I have a Simpson PS3835 pressure washer with a Honda GX270 engine.


When I was replacing the spark plug for the first time, the threads stripped out of the cylinder head as I was removing the spark plug. (Yup.) And I didn't use the pressure washer often during the winter, and the fuel stagnated. So, I replaced the cylinder head, carburetor, and all associated gaskets.


When I replaced the cylinder head, I adjusted the valve clearance to spec. I used the Honda service (not owner's) manual for the GX270 engine while I repaired it. I also used to be a Honda (automotive) mechanic, so I'm relatively comfortable repairing/rebuilding engines. All new gaskets everywhere for the cylinder head and carburetor.

Nevertheless, I cannot get this engine to start. I nearly ripped my shoulder out of socket, too. Ugh. So, I'm following the standard start up procedure as listed on the pressure washer. Gas valve set to ON, engine set to full choke. Fresh gas in fuel tank. Fresh oil change. Bleeding air out of all water hoses.

When I pull the starter cord, the engine is, for the most part, difficult to turn over. I know there are a lot of variables, but could there be something simple I am missing? Should I bleed air out of the fuel system at the carburetor? I don't know.

Update on 4/6/2020

So, I removed the cylinder head and then the valves. I pressed on the valves/valve springs to simulate them being opened, and it appeared that one of the valves was hanging. Hard to describe. Anyway, I removed, re-installed, adjusted valve clearance, re-assembled the cylinder head and carb. Now when I try to crank, it's like it was before this problem occurred. Much smoother, less resistance. I don't have time to hook up the pressure washer to test it out. I'll do that on Thursday. Update in a few days.

Update on 4/9/2020

I cranked the pressure washer today and it started up on the first pull. The problem was valve-related. I just had to remove and re-install the valves, valve spring retainers, and valve springs, ensuring that both valve assemblies moved freely. One of the valves was hanging up on the retainer, I believe.

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    – Ack
    Commented Apr 5, 2020 at 23:30
  • You'll know a lot more about this then me: would the tighter tolerances be part of it until it breaks in? It doesn't sound like the issue to me but I didn't see it mentioned and wondered about it
    – Ack
    Commented Apr 5, 2020 at 23:33
  • @Ack—I mean, I considered that, but when it comes to starting, it's really the piston that offers the most resistance (?), and I only changed the cylinder head. I didn't mess with the bottom end at all. So, it should have nearly the same starting resistance as it had before. But, that's just me thinking to myself. Maybe I'm wrong. I appreciate the assistance! Commented Apr 6, 2020 at 0:07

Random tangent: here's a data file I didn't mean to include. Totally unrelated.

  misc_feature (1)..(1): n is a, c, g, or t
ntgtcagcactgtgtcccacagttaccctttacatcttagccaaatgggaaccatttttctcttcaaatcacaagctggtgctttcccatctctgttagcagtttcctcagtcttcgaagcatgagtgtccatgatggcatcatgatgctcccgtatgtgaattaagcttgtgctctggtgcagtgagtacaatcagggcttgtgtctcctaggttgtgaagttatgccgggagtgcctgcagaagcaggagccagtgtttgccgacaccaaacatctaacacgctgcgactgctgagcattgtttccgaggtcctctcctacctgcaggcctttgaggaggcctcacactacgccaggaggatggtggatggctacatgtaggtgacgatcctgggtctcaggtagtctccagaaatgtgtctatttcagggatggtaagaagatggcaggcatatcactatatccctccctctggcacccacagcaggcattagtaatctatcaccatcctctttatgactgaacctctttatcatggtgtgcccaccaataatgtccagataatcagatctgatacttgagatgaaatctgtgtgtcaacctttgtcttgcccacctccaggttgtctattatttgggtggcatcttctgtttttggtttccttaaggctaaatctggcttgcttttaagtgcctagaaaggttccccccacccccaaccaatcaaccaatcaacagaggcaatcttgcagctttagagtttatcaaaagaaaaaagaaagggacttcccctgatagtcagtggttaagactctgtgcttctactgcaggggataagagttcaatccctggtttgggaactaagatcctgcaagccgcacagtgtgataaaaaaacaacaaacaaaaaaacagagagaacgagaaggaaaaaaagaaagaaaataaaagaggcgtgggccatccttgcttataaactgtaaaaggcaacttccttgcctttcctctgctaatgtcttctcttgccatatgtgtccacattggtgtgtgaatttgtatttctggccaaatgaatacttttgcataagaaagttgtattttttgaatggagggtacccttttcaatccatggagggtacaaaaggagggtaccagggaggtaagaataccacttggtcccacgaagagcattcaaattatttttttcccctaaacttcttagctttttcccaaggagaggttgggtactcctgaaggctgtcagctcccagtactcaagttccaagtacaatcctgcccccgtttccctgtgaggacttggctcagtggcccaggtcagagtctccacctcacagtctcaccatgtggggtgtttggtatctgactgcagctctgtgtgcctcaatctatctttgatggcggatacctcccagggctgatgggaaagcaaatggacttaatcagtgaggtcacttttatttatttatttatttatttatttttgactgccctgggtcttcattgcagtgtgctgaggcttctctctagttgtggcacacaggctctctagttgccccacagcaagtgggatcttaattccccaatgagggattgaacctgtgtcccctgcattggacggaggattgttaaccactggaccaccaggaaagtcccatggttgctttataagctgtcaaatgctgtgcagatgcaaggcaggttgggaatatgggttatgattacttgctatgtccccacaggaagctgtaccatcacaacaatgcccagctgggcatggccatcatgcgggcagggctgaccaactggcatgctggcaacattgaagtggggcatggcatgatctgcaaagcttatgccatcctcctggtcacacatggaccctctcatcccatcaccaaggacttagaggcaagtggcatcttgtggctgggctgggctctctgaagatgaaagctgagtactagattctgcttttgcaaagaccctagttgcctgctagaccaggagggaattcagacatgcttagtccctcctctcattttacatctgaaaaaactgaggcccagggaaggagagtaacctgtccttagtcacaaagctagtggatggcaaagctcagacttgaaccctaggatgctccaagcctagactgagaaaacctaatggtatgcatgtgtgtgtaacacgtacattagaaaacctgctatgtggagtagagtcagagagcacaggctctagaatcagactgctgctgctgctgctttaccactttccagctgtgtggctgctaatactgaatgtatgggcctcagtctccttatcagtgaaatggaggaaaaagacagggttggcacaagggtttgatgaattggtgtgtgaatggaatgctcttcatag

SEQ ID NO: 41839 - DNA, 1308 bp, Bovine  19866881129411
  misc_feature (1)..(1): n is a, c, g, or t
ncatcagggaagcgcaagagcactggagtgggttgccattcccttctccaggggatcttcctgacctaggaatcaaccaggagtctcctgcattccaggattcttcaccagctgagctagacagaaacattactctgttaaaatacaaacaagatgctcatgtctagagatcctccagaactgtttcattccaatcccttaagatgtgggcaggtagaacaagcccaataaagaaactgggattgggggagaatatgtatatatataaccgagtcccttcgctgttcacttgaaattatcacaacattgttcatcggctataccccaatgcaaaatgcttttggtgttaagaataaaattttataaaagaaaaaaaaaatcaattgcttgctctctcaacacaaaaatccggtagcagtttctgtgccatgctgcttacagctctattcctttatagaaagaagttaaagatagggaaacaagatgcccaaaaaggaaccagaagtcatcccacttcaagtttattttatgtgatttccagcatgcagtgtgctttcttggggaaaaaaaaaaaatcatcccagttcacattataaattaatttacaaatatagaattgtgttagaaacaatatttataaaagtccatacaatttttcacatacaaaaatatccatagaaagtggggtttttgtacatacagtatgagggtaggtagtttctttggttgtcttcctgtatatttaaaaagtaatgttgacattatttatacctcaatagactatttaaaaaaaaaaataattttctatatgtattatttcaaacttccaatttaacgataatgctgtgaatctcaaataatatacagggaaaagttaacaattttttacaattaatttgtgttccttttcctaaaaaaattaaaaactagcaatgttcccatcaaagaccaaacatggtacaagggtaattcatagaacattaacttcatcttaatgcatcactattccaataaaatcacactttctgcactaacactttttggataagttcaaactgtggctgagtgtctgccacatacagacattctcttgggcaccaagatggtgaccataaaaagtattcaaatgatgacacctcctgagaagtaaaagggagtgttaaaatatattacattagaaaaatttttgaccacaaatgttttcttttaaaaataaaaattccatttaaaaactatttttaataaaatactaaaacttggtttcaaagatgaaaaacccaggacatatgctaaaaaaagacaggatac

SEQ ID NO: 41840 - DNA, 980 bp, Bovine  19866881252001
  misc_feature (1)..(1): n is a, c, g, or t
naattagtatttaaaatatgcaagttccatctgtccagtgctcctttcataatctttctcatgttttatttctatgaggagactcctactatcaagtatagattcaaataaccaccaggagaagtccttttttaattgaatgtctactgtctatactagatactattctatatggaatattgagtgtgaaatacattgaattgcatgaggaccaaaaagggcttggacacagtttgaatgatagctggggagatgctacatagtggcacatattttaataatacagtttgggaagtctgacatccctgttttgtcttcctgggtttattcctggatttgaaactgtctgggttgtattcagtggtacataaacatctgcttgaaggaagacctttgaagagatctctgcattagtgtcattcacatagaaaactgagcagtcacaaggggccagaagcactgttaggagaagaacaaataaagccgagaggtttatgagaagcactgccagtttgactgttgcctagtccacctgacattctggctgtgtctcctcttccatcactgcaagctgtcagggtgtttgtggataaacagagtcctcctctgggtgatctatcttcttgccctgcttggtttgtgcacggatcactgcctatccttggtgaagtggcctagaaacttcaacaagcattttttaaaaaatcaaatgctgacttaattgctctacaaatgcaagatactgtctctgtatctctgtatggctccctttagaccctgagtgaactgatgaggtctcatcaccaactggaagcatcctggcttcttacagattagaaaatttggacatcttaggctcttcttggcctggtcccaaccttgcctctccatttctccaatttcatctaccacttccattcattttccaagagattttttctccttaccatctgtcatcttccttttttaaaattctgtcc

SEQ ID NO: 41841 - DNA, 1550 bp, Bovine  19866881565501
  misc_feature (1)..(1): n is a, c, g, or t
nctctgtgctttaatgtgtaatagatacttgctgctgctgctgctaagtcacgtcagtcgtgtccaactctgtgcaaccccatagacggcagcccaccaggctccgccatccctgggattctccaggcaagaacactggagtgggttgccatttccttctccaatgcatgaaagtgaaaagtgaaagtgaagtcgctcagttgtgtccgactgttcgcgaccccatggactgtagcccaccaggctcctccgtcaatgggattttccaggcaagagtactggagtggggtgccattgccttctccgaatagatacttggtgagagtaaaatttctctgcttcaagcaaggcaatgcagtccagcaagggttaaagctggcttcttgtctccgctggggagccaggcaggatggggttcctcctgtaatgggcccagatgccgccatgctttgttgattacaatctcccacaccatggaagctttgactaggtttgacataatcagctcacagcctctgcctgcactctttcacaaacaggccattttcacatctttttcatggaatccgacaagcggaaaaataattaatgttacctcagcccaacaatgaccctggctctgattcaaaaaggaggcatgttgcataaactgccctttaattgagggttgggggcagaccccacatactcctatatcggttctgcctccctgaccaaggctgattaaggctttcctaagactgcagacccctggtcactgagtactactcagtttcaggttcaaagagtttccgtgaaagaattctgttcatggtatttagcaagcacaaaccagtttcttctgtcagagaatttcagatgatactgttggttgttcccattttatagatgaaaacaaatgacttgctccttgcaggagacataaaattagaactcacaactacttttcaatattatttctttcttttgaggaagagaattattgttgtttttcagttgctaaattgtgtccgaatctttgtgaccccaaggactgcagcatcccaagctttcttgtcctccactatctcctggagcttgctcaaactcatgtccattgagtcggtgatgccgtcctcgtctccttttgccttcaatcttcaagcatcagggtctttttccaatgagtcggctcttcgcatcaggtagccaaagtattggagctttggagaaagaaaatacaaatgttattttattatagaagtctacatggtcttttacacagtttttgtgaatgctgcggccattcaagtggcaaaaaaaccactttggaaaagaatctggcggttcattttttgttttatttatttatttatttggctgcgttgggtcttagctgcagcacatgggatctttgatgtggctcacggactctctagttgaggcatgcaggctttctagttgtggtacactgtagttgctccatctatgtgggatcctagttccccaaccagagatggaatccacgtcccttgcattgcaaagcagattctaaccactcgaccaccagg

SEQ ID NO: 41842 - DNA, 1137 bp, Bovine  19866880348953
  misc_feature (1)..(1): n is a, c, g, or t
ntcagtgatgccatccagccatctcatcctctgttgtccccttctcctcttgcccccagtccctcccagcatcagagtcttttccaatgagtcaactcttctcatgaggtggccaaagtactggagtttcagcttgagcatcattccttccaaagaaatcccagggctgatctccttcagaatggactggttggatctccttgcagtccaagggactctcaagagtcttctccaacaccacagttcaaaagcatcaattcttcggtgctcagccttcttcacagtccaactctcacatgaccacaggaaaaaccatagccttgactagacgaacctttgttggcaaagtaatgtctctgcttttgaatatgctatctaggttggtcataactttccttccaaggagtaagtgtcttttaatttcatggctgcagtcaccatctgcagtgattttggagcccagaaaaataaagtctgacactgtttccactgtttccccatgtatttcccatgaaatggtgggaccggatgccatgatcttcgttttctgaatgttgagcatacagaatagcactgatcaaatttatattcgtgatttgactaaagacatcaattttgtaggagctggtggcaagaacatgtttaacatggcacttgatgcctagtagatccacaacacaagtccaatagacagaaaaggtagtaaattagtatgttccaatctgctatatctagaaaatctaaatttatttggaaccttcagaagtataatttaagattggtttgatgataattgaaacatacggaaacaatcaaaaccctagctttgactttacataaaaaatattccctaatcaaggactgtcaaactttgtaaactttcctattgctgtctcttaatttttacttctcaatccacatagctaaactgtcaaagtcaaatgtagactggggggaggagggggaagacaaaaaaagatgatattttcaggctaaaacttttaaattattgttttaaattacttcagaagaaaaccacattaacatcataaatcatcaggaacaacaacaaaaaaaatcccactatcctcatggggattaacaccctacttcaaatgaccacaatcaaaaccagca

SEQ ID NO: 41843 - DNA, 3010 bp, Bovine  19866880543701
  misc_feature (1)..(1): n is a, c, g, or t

• @Ack—There's a troubleshooting chart for no start problem in the service manual. I'll give that a try once I feel up to messing with the pressure washer again. Commented Apr 6, 2020 at 0:08
  • 2
    hard cranking could be the exhaust valve not opening, if it is removing the spark-plug will make cranking easier (but not successful) if it doesn't help the pump might be causing the problem. engine repair might be a better topic for mechanics.stackexchange.com
    – Jasen
    Commented Apr 6, 2020 at 0:51

1 Answer 1


Since this is a pressure washer and no one has mentioned it - when I have a hard time starting one, I will hold the trigger of the spray wand while starting so the pump can't build any pressure. Unless the engine is in perfect "start on the first pull" condition, this is a requirement because the pump will build pressure and make it harder for the engine to turn.

You used to be a mechanic, so I'm not going to talk about checking for fuel, spark and air - I assume you've done all that, so we are left with why the engine is hard to pull start and for me, its normally the compressor.

  • I appreciate the feedback! When I removed the spark plug today, it was noticeably easier to crank. So, that leaves me to believe it may be valve-related, as Jasen suggested in his comment. If it was the pump, it probably would be hard to crank whether the spark plug was in or out. Commented Apr 6, 2020 at 21:41
  • @DerÜbermensch, Good point, and that does make sense. I figured some answer on the question would be better than nothing.
    – JPhi1618
    Commented Apr 7, 2020 at 15:52

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